An epiretinal membrane, commonly called a macular pucker, is a thin film-like covering that can develop over the central retina known as the macula. This area of the retina is responsible for your clear central vision. Epiretinal membranes may lead to blurry or distorted vision. Some epiretinal membranes require vitrectomy surgery with removal of the membrane for improvement of vision.
- Blurred central vision
- Distorted or wavy vision
- Difficulty reading or performing tasks that require detail vision
- Gray or cloudy area in central vision
- Central blind spot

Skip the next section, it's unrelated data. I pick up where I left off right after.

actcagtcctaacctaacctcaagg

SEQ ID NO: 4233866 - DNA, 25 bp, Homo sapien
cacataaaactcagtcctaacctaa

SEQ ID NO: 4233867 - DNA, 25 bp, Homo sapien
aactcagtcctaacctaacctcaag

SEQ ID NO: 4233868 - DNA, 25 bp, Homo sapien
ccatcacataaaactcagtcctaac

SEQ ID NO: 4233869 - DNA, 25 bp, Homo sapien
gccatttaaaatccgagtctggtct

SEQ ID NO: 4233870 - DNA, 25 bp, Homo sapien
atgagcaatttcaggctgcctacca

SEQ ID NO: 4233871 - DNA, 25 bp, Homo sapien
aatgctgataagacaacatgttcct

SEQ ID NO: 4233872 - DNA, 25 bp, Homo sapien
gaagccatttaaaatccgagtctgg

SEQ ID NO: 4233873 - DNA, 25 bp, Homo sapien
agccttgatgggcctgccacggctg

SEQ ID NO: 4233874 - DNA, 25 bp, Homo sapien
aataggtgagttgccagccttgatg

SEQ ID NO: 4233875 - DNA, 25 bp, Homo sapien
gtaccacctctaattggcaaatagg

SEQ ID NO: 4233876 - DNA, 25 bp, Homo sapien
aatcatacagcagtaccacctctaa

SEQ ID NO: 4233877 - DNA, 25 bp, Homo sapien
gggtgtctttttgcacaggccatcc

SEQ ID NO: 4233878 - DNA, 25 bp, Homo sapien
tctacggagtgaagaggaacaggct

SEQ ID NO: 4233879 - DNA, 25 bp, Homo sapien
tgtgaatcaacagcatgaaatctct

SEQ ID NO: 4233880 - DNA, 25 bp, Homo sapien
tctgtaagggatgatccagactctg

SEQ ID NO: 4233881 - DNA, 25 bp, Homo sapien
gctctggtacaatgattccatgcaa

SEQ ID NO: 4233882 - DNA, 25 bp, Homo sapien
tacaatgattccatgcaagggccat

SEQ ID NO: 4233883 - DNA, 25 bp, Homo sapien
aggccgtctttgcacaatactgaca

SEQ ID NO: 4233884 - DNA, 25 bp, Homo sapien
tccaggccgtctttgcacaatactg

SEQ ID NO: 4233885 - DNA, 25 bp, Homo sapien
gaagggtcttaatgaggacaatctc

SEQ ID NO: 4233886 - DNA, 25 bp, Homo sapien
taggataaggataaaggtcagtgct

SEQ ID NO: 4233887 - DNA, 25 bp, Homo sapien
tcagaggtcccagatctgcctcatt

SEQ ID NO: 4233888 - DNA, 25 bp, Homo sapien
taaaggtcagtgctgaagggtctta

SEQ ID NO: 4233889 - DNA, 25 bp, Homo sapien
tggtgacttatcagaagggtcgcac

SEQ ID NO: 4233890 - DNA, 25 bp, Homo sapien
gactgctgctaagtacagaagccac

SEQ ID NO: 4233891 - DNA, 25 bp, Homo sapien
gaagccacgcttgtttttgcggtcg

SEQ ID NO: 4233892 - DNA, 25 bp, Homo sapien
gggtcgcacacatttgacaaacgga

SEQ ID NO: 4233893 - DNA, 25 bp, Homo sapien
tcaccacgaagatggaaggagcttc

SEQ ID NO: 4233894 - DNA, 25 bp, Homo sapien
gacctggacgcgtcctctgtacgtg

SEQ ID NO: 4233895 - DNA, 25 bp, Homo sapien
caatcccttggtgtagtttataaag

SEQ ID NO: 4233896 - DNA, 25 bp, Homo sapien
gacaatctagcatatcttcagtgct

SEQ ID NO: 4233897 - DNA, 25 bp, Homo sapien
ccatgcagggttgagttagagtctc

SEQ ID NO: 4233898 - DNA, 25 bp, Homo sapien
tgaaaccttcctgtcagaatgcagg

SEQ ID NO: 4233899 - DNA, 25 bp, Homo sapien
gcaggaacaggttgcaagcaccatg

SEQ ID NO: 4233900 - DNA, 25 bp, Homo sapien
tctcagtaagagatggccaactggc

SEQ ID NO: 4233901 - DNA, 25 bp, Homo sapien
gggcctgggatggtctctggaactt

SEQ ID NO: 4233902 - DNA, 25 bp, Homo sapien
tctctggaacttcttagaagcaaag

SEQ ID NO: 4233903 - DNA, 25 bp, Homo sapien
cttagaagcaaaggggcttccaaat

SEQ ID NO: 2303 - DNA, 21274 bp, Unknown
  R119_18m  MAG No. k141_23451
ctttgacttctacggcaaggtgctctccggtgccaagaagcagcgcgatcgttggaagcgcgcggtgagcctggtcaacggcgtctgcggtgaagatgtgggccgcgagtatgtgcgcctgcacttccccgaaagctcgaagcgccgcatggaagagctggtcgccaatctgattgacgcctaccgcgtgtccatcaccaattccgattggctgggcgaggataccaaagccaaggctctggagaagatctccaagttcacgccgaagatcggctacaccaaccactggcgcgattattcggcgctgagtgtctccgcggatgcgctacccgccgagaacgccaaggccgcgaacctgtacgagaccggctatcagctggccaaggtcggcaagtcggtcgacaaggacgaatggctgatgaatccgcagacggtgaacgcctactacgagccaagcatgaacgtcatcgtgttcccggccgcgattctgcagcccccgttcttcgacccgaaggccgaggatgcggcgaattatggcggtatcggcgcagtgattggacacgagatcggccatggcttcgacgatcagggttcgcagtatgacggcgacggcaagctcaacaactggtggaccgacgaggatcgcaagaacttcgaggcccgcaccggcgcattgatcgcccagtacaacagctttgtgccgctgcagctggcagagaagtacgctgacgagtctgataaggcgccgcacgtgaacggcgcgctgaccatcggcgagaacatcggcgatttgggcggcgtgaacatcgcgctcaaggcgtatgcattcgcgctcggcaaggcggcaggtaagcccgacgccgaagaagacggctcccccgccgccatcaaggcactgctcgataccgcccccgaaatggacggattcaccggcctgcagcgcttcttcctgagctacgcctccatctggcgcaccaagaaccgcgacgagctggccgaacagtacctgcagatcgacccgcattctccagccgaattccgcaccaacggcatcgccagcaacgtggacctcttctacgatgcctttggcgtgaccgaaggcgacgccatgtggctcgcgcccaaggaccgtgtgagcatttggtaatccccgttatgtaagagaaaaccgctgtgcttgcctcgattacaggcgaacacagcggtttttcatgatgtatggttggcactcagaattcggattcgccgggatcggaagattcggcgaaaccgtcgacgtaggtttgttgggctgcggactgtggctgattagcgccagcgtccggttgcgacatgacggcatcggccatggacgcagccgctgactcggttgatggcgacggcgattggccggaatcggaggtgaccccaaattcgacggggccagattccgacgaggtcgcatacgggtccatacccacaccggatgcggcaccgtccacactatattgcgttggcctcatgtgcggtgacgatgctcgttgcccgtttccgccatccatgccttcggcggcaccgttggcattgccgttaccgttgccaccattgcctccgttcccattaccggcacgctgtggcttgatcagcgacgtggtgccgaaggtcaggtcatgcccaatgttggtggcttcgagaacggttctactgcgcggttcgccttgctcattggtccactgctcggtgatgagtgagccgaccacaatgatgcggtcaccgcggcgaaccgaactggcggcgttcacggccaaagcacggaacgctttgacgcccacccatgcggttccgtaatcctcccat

Peripheral vision is not affected.
As you age, the vitreous-the clear, gel-like substance that fills the middle of your eye- begins to shrink and pull away from the retina. As the vitreous pulls away, scar tissue may develop on the macula. Sometimes the scar tissue may develop on the macula. Sometimes the scar tissue can warp and contract, causing the retina to wrinkle or bulge.
Eye conditions that are associated with macular pucker:
- Vitreous detachment
- Torn or detached retina
- Inflammation inside the eye
- Severe trauma to the eye
- Disorders of the blood vessels in the retina